3. Using a digital camera, students will take photographs of themselves, which will be used as a guide for their portraits.
  4. Using the sketchpad and pencil, students will practice drawing the human face in profile, three quarter and frontal views.
  5. Students will create thumbnail sketches for their final portraits based on the digital photo of themselves.
  6. Using any of the media suggested on the three sheets of 24 x 36" paper, students will create three self-portraits in any style and media. Students may refer to their personal gallery of portraits of artists’ work, paying particular attention to Warhol’s repetitive images. Each portrait should reflect an understanding of various styles, artistic elements and principles, and an application of appropriate media.
  7. When completed, students will critique their work and their fellow student’s work in oral and written form.

Corresponding Standards
National Standards

  • Content Standard 1: Understanding and applying media, techniques, and processes.
  • Content Standard 2: Using knowledge of structures and functions.
  • Content Standard 5: Reflecting upon and assessing the characteristics and merits of their work and the work of others.

New Hampshire Standards

  • Standard 1: Apply appropriate media, techniques, and processes.
  • Standard 2: Identify and apply the elements of visual art and principles of design.
  • Standard 5: Analyze, interpret and evaluate their own and other’s artwork.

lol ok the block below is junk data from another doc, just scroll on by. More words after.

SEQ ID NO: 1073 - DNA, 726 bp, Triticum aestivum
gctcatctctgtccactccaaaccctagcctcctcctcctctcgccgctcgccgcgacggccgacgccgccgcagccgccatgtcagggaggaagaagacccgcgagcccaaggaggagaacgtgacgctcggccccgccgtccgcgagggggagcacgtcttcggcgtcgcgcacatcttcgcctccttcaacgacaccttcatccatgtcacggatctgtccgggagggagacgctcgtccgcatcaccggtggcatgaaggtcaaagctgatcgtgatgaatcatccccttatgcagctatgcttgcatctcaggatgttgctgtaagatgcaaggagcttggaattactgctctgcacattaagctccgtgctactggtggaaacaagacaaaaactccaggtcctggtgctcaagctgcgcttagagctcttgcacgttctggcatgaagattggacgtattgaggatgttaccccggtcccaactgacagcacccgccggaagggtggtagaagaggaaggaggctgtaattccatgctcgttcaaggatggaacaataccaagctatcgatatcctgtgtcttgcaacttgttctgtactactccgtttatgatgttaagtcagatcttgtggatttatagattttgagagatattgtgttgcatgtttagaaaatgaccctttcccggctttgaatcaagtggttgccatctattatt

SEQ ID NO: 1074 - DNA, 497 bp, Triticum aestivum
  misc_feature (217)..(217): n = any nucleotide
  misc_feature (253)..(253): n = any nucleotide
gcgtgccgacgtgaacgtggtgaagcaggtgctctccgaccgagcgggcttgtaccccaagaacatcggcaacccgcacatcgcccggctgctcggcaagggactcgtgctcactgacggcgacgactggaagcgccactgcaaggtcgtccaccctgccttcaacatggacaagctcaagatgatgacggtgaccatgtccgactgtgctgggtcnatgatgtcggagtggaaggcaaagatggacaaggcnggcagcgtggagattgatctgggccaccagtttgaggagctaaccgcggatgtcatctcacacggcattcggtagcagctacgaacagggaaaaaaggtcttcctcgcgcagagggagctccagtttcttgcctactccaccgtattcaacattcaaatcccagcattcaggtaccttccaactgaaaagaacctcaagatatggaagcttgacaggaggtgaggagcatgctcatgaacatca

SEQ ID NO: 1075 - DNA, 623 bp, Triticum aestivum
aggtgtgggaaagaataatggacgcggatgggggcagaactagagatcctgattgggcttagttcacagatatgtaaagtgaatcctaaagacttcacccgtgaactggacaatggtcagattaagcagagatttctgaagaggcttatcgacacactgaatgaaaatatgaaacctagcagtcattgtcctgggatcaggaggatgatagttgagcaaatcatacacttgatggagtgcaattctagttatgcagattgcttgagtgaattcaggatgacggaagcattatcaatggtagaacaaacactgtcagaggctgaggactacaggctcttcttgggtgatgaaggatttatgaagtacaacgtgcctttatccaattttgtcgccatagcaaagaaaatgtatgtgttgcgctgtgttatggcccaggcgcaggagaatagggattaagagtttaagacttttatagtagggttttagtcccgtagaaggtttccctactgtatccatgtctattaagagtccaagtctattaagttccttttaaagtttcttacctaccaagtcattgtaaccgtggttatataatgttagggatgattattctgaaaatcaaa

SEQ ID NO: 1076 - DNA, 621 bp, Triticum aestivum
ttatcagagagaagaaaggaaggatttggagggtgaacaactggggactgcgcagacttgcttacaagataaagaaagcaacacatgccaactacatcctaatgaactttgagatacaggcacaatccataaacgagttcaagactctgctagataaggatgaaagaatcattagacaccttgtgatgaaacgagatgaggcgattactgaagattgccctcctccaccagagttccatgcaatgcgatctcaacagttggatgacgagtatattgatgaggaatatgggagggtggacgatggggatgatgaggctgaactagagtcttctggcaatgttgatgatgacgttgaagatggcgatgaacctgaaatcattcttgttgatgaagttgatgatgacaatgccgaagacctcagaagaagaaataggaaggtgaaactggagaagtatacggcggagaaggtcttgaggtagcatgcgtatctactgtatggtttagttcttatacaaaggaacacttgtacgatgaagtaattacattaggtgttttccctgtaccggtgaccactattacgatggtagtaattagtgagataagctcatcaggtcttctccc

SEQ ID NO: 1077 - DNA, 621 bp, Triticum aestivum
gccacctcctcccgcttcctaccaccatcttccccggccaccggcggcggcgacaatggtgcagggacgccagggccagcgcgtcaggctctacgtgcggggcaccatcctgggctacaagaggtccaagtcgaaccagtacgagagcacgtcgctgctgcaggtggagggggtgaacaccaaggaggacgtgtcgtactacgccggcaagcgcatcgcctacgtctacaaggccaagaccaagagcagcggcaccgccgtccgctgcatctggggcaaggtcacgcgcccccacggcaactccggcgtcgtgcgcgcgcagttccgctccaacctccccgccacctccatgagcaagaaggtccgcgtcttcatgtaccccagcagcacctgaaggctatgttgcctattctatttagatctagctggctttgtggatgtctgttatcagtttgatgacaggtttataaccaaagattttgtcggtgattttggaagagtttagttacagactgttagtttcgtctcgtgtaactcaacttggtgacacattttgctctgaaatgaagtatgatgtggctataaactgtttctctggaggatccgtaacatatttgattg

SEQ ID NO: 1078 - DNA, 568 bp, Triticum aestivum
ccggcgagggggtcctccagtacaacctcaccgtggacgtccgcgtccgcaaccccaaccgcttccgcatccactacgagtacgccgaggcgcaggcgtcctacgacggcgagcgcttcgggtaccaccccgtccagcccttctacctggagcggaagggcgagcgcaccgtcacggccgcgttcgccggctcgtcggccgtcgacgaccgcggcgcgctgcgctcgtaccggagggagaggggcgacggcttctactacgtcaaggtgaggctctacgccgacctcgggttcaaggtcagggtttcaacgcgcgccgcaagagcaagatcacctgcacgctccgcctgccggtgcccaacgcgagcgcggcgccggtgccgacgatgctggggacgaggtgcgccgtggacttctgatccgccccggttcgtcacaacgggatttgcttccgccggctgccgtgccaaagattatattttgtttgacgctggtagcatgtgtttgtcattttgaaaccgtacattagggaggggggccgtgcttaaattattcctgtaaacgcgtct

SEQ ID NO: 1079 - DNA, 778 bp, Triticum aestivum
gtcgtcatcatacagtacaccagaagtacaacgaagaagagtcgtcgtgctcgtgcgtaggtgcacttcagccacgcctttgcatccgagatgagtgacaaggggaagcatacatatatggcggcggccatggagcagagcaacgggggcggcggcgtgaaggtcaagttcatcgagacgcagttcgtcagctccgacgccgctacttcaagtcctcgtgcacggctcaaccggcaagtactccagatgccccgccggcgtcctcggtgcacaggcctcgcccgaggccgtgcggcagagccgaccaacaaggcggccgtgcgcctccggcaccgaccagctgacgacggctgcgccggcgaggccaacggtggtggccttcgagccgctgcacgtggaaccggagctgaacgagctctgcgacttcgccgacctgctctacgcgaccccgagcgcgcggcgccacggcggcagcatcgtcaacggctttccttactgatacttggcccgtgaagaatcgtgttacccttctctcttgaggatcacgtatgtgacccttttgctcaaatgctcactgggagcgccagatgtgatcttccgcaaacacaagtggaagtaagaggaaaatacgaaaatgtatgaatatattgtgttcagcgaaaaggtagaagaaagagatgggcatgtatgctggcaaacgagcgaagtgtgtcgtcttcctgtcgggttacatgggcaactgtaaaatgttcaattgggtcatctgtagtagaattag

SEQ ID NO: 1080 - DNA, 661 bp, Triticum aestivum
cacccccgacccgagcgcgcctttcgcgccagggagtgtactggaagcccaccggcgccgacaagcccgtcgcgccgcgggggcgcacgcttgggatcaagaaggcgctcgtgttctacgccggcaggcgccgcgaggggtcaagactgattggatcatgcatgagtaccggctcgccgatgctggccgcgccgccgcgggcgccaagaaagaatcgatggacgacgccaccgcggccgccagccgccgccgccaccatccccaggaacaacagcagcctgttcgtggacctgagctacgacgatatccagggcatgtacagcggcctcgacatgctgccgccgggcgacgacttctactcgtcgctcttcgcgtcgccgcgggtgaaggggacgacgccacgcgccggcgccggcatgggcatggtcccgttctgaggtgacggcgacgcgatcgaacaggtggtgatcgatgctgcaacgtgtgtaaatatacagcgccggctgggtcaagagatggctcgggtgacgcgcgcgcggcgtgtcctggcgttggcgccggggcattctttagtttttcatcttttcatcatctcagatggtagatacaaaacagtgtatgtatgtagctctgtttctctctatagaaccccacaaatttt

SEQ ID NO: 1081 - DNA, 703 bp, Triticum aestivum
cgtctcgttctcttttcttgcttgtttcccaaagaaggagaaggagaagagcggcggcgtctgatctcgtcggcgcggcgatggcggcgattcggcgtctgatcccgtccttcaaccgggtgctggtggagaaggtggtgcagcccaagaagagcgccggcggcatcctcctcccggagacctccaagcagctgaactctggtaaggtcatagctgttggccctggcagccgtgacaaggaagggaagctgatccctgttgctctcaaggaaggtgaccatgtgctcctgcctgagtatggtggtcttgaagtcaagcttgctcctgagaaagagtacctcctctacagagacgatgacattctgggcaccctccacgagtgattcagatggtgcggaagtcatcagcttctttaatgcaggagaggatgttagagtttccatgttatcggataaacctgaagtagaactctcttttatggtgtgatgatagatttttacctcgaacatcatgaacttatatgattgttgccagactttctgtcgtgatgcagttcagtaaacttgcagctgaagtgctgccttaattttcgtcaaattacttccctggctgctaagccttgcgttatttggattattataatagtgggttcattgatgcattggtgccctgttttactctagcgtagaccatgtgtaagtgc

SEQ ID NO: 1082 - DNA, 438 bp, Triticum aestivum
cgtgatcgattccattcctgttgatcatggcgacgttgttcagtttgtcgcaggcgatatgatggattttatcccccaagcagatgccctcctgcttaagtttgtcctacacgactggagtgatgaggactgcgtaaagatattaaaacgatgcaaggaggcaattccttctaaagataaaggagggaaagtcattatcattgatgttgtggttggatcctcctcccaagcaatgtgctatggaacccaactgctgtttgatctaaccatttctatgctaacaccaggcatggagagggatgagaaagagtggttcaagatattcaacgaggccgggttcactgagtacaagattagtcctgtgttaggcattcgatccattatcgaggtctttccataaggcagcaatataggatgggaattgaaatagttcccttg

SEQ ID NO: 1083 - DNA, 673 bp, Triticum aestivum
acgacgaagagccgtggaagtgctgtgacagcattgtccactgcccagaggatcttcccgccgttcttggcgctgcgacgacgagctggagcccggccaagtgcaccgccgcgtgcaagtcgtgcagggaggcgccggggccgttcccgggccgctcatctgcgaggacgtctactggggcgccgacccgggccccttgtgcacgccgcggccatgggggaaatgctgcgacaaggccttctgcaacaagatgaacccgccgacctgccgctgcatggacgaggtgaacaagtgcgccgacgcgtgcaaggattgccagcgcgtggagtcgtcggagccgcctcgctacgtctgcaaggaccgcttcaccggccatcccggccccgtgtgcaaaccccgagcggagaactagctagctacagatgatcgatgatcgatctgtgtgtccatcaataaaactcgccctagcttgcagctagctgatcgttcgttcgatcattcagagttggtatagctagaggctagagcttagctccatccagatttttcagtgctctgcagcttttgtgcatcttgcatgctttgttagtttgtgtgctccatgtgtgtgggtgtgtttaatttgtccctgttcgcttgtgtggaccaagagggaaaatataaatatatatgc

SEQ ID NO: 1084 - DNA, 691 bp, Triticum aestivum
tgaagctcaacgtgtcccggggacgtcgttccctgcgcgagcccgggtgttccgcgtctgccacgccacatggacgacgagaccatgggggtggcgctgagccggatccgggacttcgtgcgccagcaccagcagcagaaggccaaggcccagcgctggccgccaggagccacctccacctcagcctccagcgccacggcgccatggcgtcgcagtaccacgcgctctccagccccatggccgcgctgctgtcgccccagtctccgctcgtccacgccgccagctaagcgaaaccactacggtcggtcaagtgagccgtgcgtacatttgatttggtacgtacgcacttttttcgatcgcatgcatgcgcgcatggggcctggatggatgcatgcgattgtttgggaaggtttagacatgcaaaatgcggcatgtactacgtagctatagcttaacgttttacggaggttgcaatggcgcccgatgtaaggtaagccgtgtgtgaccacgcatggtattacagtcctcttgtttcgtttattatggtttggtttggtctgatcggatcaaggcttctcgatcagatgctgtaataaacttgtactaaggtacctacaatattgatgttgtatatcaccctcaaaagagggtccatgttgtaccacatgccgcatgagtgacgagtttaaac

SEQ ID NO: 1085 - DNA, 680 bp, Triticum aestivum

1. Did the completed work display creativity and originality?
  2. Did the completed work display craftsmanship and technical skill?
  3. Did the student make appropriate and creative use of materials?
  4. Did the student display perseverance in completing the work?
  5. Did the student participate in the critique of other students’ work?
  6. Did the student display good work and clean-up habits?

New Vocabulary Words
Gallery a space where art work is displayed.
Harvest images the collection and downloading of images from the Internet.
Thumbnail sketches a series of quick drawings or studies for a work of art.
Self Portrait a portrait of oneself.
Media the material an artist uses, such as paint, pencil or clay.
Repeat images utilizing the same image multiple times.
Critique a critical review or commentary, especially one dealing with works of art or literature.

Interdisciplinary Extensions
Language Arts: Write a letter to the portrait asking and/or answering questions such as:

  • Why do you have that expression on your face?
  • Who are you and where do you come from?
  • Does anyone in your family look like you?
  • What are your dreams and aspirations?

Connections to the Currier Museum of Art’s collection

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John Singleton Copley, John Greene, circa 1769
John Singleton Copley, John Greene, c.1769
View zoomable image >


William Merritt Chase, Portrait of Master Otis Barton and His Grandfather, 1903
William Merritt Chase, Portrait of Master Otis Barton and His Grandfather, 1903
View zoomable image >




























Picasso, Woman Seated in a Chair, 1941
Picasso, Woman Seated in a Chair, 1941

John Woodrow Wilson, MLK Jr., 2002
John Woodrow Wilson, Martin Luther King, Jr., 2002